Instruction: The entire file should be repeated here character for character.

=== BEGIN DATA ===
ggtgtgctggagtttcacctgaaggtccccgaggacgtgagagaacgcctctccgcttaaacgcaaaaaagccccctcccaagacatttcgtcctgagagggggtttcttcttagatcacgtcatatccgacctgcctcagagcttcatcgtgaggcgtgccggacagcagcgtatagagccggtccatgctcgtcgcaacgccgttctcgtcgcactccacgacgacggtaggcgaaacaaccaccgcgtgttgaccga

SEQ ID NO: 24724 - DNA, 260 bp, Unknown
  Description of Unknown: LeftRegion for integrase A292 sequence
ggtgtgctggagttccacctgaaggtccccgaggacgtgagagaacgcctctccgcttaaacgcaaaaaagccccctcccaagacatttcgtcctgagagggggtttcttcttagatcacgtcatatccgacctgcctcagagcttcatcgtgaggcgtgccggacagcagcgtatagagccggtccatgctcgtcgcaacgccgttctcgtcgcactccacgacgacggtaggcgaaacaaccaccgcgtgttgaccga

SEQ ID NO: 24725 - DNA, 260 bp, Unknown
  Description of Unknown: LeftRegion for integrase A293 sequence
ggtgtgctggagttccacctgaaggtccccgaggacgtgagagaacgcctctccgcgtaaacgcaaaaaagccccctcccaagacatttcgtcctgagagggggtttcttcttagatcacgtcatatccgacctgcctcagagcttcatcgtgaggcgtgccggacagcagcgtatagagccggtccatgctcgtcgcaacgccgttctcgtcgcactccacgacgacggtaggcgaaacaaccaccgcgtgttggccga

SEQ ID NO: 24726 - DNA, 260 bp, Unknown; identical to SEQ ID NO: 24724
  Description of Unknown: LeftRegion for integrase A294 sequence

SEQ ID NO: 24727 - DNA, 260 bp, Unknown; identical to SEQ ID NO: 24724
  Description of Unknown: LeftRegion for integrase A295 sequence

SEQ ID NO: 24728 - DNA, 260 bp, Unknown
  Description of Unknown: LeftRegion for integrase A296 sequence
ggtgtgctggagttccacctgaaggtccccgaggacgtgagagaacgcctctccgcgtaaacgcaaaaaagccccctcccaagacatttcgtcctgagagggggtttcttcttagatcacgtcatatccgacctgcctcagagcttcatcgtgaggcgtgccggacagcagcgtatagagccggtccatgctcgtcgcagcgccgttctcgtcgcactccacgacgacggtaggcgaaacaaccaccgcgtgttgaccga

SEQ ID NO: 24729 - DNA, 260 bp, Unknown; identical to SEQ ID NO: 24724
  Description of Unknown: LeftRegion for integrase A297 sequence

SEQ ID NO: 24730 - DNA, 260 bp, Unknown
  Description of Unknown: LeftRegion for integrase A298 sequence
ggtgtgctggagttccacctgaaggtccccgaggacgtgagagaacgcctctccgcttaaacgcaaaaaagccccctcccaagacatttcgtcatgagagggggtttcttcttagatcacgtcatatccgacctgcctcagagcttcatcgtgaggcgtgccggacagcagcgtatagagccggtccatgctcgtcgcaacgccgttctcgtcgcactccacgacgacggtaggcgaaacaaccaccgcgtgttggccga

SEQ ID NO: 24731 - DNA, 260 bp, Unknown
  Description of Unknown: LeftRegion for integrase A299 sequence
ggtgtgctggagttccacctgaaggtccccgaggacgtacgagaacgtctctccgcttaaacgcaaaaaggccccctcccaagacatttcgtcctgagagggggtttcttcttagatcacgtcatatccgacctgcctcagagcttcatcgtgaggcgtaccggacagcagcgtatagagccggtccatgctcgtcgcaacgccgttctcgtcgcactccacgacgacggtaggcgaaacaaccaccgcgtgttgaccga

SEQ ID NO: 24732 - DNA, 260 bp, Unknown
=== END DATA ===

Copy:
ggtgtgctggagtttcacctgaaggtccccgaggacgtgagagaacgcctctccgcttaaacgcaaaaaagccccctcccaagacatttcgtcctgagagggggtttcttcttagatcacgtcatatccgacctgcctcagagcttcatcgtgaggcgtgccggacagcagcgtatagagccggtccatgctcgtcgcaacgccgttctcgtcgcactccacgacgacggtaggcgaaacaaccaccgcgtgttgaccga

SEQ ID NO: 24724 - DNA, 260 bp, Unknown
  Description of Unknown: LeftRegion for integrase A292 sequence
ggtgtgctggagttccacctgaaggtccccgaggacgtgagagaacgcctctccgcttaaacgcaaaaaagccccctcccaagacatttcgtcctgagagggggtttcttcttagatcacgtcatatccgacctgcctcagagcttcatcgtgaggcgtgccggacagcagcgtatagagccggtccatgctcgtcgcaacgccgttctcgtcgcactccacgacgacggtaggcgaaacaaccaccgcgtgttgaccga

SEQ ID NO: 24725 - DNA, 260 bp, Unknown
  Description of Unknown: LeftRegion for integrase A293 sequence
ggtgtgctggagttccacctgaaggtccccgaggacgtgagagaacgcctctccgcgtaaacgcaaaaaagccccctcccaagacatttcgtcctgagagggggtttcttcttagatcacgtcatatccgacctgcctcagagcttcatcgtgaggcgtgccggacagcagcgtatagagccggtccatgctcgtcgcaacgccgttctcgtcgcactccacgacgacggtaggcgaaacaaccaccgcgtgttggccga

SEQ ID NO: 24726 - DNA, 260 bp, Unknown; identical to SEQ ID NO: 24724
  Description of Unknown: LeftRegion for integrase A294 sequence

SEQ ID NO: 24727 - DNA, 260 bp, Unknown; identical to SEQ ID NO: 24724
  Description of Unknown: LeftRegion for integrase A295 sequence

SEQ ID NO: 24728 - DNA, 260 bp, Unknown
  Description of Unknown: LeftRegion for integrase A296 sequence
ggtgtgctggagttccacctgaaggtccccgaggacgtgagagaacgcctctccgcgtaaacgcaaaaaagccccctcccaagacatttcgtcctgagagggggtttcttcttagatcacgtcatatccgacctgcctcagagcttcatcgtgaggcgtgccggacagcagcgtatagagccggtccatgctcgtcgcagcgccgttctcgtcgcactccacgacgacggtaggcgaaacaaccaccgcgtgttgaccga

SEQ ID NO: 24729 - DNA, 260 bp, Unknown; identical to SEQ ID NO: 24724
  Description of Unknown: LeftRegion for integrase A297 sequence

SEQ ID NO: 24730 - DNA, 260 bp, Unknown
  Description of Unknown: LeftRegion for integrase A298 sequence
ggtgtgctggagttccacctgaaggtccccgaggacgtgagagaacgcctctccgcttaaacgcaaaaaagccccctcccaagacatttcgtcatgagagggggtttcttcttagatcacgtcatatccgacctgcctcagagcttcatcgtgaggcgtgccggacagcagcgtatagagccggtccatgctcgtcgcaacgccgttctcgtcgcactccacgacgacggtaggcgaaacaaccaccgcgtgttggccga

SEQ ID NO: 24731 - DNA, 260 bp, Unknown
  Description of Unknown: LeftRegion for integrase A299 sequence
ggtgtgctggagttccacctgaaggtccccgaggacgtacgagaacgtctctccgcttaaacgcaaaaaggccccctcccaagacatttcgtcctgagagggggtttcttcttagatcacgtcatatccgacctgcctcagagcttcatcgtgaggcgtaccggacagcagcgtatagagccggtccatgctcgtcgcaacgccgttctcgtcgcactccacgacgacggtaggcgaaacaaccaccgcgtgttgaccga

SEQ ID NO: 24732 - DNA, 260 bp, Unknown